How to quick start a project in 9 minutes

Pushed for time? Not all projects need a complicated methodology to get them organised and executed. Here are 9 simple steps to quick start your project and prepare yourself for success.

Photo-rmillner.jpg By Robin Millner, Founder Ram Education

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1. Start

Since we only have 9 minutes, let’s dive straight into the critical points!

1.1 Identify your project sponsor

Your sponsor is the person who has the ultimate power to make decisions about your project. The buck stops at this person, even if it means he or she decides to cancel or postpone your project!

In small organisations, your sponsor may be easy to identify. In larger organisations, it can be quite a challenge!

Tip: The sponsor needs to be one person, not a group of people. Do your best to identify the sponsor early on.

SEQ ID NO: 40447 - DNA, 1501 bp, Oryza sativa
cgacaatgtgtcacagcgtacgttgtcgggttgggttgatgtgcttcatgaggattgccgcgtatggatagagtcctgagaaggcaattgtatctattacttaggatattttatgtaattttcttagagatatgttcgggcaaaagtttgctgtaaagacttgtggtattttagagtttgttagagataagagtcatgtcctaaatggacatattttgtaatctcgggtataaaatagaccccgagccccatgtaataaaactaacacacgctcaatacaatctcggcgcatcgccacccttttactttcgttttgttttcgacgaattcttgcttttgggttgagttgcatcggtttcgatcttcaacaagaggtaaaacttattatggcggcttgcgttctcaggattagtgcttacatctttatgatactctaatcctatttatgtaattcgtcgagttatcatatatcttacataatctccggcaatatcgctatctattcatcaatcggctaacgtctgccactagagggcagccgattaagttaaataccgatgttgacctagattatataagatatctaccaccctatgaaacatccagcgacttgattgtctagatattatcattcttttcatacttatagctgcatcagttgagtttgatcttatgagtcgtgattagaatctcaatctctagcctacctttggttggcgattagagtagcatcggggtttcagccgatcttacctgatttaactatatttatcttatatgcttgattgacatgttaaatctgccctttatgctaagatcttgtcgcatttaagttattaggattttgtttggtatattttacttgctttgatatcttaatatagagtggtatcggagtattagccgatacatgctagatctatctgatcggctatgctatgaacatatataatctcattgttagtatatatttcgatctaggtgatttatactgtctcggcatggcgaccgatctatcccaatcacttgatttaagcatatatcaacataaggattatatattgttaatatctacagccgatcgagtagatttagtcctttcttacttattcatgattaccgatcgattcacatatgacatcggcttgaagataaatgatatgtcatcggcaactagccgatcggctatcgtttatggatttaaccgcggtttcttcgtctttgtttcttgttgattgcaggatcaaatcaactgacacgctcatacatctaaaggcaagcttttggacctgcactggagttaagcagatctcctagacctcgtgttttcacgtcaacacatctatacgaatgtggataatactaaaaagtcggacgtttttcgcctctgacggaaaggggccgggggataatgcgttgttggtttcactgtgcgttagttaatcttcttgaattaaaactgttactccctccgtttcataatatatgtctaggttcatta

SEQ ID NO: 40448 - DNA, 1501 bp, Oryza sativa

“Projects get into trouble because they don’t have a sponsor, or because that person is unable to provide sufficient leadership to the project.”

1.2 Check that your project is feasible

Some projects start out as great ideas, but with insufficient resources (eg: money and people) to get them done.

Tip: The best projects start out with a feasibility study, showing a return on investment for the effort you are about to put in.

2. Needs

2.1 Identify your project stakeholders

A stakeholder is anyone involved, affected or influencing your project. Stakeholders can be individuals (eg: your boss), groups of people (eg: the HR Department) or external parties (eg: a contractor).

Tip: When identifying project stakeholders, think beyond the people you respect and get on well with.

“Realising that your “enemies” are also stakeholders may be the first step to getting your project off to a good start.”

2.2 Capture your stakeholders’ needs

Sure, you have some goals in mind about what you need to make your project a success, but what about the other stakeholders?

For example, your contractor may need to make a profit and be paid on time; your team may need to be sure they still have a job when the project is finished; your boss may need to look good in front of her boss. Your “enemies” may need an opportunity to voice their concerns early.